Robinson, Bruce Easter Egg - How Old Was Thomas Penman?

The Peculiar Memories of Thomas Penman, published in 1998, is a novel by Bruce Robinson, author of the screenplays of "The Killing Fields" and "Withnail and I". It is a deeply moving and painfully funny novel, and also beautifully crafted. Make no mistake: this is a genuine egg, not a slip-up.

The novel opens at the start of 1957 and states that Thomas was 13 (page 7). It closes in the summer of 1959 when "in three days he [Thomas] would be 16" (page 276). Correct chronology, all well and good.

However, look at the two references in the story to Thomas's date of birth. The first is in the second chapter (The Sins of the Forefathers) when he finds an old photograph of his mother, captioned "'Bournmouth, summer 1938' -- seven years before Thomas was born." This would suggest that he was born in the summer of 1945. This premise is confirmed in the chapter entitled "The Secret of the Ball" when Thomas visits the psychic Orlanda. She asks his date of birth, and he replies "July 1st 1945" (page 242).

Simple maths will tell you this means he was in fact eleven at the start of the novel, and just shy of 14 at its end. A pretty serious slip-up on the surface, but an egg in truth.

One explanation which has been put to me is that it was an editorial error borne out of the fact that the book contains a sex scene between Thomas and his girlfriend, Gwen Hackett. All we know of her age is that she was "half a year younger than Thomas" (page 7) making her also 13 at the time. The publishers simply decided that there was too much risk of it being construed as child pornography and insisted that the characters be made a couple of years older.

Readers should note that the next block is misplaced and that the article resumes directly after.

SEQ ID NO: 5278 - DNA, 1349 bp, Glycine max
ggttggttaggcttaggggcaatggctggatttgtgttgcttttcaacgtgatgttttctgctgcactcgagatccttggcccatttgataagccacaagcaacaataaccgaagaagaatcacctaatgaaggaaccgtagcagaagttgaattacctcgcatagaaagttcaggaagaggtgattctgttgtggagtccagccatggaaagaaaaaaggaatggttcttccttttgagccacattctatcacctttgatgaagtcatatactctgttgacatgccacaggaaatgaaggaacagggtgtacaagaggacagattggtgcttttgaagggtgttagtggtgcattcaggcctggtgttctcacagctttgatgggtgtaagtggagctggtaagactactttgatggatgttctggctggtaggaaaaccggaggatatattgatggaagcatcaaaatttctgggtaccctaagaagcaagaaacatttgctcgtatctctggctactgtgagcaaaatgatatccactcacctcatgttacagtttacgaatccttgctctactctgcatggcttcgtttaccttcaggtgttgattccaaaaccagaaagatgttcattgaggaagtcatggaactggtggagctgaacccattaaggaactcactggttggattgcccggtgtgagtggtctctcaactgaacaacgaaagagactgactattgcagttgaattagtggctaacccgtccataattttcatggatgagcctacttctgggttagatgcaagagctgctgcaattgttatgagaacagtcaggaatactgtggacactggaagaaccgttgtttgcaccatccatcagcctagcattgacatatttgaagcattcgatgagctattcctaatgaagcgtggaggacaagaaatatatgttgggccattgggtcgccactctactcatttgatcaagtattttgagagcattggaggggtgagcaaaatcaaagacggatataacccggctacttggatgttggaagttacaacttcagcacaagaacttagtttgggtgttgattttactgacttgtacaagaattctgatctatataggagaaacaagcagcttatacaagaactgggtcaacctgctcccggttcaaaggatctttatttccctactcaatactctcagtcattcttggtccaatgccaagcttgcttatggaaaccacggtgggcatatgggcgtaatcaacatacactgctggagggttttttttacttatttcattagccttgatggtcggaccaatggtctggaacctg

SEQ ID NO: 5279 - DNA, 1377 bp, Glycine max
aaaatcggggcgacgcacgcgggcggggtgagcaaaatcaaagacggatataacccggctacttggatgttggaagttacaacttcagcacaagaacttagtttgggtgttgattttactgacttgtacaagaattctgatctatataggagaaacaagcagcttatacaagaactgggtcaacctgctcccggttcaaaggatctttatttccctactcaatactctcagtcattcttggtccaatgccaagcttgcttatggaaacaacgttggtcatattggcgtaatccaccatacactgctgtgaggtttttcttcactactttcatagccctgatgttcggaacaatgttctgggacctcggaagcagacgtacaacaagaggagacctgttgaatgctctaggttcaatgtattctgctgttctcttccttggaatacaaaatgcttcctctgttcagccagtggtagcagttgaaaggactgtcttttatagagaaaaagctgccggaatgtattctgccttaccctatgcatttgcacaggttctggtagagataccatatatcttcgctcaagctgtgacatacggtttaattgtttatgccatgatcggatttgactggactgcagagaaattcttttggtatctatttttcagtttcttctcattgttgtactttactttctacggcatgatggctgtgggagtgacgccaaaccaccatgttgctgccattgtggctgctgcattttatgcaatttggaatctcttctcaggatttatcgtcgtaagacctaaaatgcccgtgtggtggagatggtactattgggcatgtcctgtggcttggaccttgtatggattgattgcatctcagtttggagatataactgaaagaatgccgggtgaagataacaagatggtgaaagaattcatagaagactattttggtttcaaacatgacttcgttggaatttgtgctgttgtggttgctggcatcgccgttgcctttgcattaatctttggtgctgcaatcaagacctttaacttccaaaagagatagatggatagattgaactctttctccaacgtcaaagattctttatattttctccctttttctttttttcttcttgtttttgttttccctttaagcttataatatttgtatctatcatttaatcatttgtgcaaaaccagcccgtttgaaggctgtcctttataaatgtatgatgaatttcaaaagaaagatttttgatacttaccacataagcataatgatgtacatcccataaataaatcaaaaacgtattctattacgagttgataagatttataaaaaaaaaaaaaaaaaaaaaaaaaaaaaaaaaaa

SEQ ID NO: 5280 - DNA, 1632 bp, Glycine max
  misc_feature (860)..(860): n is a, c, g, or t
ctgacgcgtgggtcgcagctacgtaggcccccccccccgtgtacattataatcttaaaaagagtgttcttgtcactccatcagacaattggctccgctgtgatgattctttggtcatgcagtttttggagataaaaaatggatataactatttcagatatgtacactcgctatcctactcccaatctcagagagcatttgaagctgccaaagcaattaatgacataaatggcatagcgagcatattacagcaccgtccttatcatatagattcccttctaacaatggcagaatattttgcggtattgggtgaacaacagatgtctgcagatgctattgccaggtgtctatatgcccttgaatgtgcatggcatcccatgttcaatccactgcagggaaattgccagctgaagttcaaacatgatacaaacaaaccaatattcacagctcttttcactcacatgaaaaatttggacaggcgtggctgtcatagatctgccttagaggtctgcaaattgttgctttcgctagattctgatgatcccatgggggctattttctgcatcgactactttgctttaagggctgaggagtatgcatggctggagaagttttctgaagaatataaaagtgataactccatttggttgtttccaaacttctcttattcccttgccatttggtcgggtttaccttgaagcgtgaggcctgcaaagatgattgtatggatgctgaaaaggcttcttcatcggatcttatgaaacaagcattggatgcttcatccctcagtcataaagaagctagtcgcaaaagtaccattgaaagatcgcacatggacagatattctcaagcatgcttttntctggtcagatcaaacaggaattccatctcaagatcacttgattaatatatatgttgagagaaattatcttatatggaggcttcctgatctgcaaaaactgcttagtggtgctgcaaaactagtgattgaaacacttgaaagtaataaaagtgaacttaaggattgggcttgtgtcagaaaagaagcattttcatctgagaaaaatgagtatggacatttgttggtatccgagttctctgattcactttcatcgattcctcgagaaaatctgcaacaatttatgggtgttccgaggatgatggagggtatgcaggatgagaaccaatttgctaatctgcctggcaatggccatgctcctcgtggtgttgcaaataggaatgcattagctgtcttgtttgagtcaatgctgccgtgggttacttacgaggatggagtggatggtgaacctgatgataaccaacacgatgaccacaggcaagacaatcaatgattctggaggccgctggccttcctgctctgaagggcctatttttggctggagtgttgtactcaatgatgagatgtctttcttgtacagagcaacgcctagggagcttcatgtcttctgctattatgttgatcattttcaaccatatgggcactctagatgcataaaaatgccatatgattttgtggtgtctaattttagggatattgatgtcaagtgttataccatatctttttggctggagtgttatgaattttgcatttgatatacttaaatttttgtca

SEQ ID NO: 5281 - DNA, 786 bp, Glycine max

This may well be half an explanation, but it is highly improbable that, whilst correctly altering their ages (and that of their classmates) throughout the book, Robinson's editors would have missed the two references to Thomas's date of birth. Moreover, it is unthinkable that Robinson himself would have missed it, for July 1st 1945 is *his own date of birth*. Therein lies the egg.

Yes, folks, there is a far greater autobiographical element to this tale than the dust-jacket would have you believe. That also explains why the editors didn't take the other option of matching Thomas' age to his date of birth by altering the stated year in which the event took place. Robinson was insistent that the dates were left intact, and that only the stated ages were changed.

Why? I suggest you read the book. Thomas was a diarist, after all...

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  8.0/10 with 25 votes
Contributed By: D_D on 11-21-2001
Reviewed By: Webmaster
Special Requirements: A copy of the novel (page numbers refer to the Bloomsbury paperback edition)
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